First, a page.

Well if that's the case you didn't need to ask the question.  Hundreds of years of experience has determined best practice is working with dry lumber.  If you question that, you're no longer an analytical person, you're a conspiracy theorist at best and delusional at worst.  You already knew the answer before you asked it.  The evidence is not "anecdotal," it's concrete.

And with that out of the way, if you didn't want people to remind you of reality, I again have to question your motives.

Work with properly seasoned lumber or face the possible consequences...it's a truth as universal as the apple and Newton's head.

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Work with properly seasoned lumber or face the POSSIBLE CONSEQUENCES .it's a truth as universal as the apple and Newton's head.

^which was the question from the start.

I get that saying the immediate and sometimes douchey thing without filter is your thing, and that's fine,  but your not a very good psychic. My intentions are not clouded in ulterior motives and digging for your secret approval.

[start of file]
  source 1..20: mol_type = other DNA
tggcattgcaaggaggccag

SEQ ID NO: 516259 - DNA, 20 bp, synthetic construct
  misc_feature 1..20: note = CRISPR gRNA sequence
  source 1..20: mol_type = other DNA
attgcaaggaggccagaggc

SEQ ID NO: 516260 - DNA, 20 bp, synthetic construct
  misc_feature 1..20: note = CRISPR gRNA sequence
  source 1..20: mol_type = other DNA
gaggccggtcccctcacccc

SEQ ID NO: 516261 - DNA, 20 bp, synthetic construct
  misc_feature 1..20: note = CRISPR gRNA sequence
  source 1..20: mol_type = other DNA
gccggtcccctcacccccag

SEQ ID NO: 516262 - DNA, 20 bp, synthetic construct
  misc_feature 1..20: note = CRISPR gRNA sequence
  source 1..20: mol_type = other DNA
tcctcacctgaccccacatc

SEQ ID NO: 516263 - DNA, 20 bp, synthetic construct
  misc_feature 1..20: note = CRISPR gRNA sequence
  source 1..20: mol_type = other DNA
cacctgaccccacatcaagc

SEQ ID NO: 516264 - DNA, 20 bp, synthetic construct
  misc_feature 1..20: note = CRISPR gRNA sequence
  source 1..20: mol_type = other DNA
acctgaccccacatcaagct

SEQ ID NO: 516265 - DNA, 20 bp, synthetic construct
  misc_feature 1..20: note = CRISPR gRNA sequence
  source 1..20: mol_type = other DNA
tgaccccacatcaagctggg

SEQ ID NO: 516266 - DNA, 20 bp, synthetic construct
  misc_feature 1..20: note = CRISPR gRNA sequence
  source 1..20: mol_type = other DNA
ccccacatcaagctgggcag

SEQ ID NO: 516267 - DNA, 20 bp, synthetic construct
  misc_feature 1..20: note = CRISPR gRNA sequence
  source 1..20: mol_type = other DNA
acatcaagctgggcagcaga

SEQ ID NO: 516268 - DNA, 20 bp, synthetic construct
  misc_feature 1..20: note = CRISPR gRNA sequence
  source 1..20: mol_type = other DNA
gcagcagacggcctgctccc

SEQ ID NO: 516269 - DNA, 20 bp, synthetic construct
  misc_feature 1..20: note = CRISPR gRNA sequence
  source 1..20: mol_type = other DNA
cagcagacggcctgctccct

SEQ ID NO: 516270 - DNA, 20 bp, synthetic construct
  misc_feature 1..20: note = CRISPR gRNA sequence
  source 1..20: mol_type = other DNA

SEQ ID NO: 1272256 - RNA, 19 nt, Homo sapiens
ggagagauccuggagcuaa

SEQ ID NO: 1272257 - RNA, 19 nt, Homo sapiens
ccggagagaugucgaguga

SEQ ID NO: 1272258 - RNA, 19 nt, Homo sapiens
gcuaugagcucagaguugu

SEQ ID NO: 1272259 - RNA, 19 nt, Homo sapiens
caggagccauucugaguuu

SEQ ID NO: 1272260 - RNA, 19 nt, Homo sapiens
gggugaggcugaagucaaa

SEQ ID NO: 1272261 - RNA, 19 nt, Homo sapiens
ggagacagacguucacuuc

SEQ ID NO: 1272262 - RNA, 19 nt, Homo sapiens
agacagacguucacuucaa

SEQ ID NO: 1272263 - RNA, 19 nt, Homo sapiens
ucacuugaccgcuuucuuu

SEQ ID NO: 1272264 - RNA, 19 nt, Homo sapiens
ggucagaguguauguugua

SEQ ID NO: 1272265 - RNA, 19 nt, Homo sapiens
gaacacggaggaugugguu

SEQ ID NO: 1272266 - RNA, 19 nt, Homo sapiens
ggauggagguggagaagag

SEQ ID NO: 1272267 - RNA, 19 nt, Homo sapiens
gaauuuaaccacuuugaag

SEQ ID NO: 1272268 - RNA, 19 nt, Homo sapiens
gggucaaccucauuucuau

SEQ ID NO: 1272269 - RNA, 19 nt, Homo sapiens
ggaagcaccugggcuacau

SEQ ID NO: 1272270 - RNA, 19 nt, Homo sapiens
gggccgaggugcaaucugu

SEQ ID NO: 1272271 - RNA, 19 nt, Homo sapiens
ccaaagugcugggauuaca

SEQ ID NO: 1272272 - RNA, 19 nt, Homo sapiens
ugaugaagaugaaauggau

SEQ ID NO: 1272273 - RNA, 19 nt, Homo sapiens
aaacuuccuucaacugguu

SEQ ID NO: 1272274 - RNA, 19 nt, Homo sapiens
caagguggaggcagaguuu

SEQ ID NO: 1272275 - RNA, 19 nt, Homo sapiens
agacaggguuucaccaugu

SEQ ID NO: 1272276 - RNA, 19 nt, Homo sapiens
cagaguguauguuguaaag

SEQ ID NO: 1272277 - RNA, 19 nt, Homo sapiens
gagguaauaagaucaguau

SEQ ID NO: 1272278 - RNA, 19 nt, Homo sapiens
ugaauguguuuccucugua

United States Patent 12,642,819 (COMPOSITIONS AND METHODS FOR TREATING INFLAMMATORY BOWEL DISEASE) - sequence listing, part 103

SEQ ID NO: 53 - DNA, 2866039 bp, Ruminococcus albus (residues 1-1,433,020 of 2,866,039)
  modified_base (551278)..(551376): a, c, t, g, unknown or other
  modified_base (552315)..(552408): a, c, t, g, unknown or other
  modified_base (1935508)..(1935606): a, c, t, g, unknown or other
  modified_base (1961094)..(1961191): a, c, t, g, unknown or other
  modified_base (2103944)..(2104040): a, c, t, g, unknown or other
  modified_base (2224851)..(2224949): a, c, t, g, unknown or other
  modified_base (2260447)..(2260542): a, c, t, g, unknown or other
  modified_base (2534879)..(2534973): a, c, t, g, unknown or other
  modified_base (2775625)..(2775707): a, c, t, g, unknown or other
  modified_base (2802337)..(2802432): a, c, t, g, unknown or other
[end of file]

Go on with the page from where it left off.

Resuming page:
I started with and will ask again,  do you have any experience with working with lumber not fully dried? 

 

 

 That being said,  It might never fully dry once you laminate those boards together.  The face grain of the middle boards will be burried so the  boards will only shed moisture through the end and edge grain.   Will that make the top more stable (because it will shed moisture so slowly)?  Or will the thing go nuts as the surface  dries and the middle is still moist?  I have no idea.  

that's a really good point I didn't think of.  Only having 1.75" on each side would definately slow the dry to a crawl. 

I built my big outfeed/ assembly table from yellow pine 2x6 and 2x8. When it dried it cupped and the end result was all 4 edges sloping downwards, but the center of the table stayed flat.

Steve,  thank you for sharing your experience. What was the outcome?  Did you re flatten it or leave it be?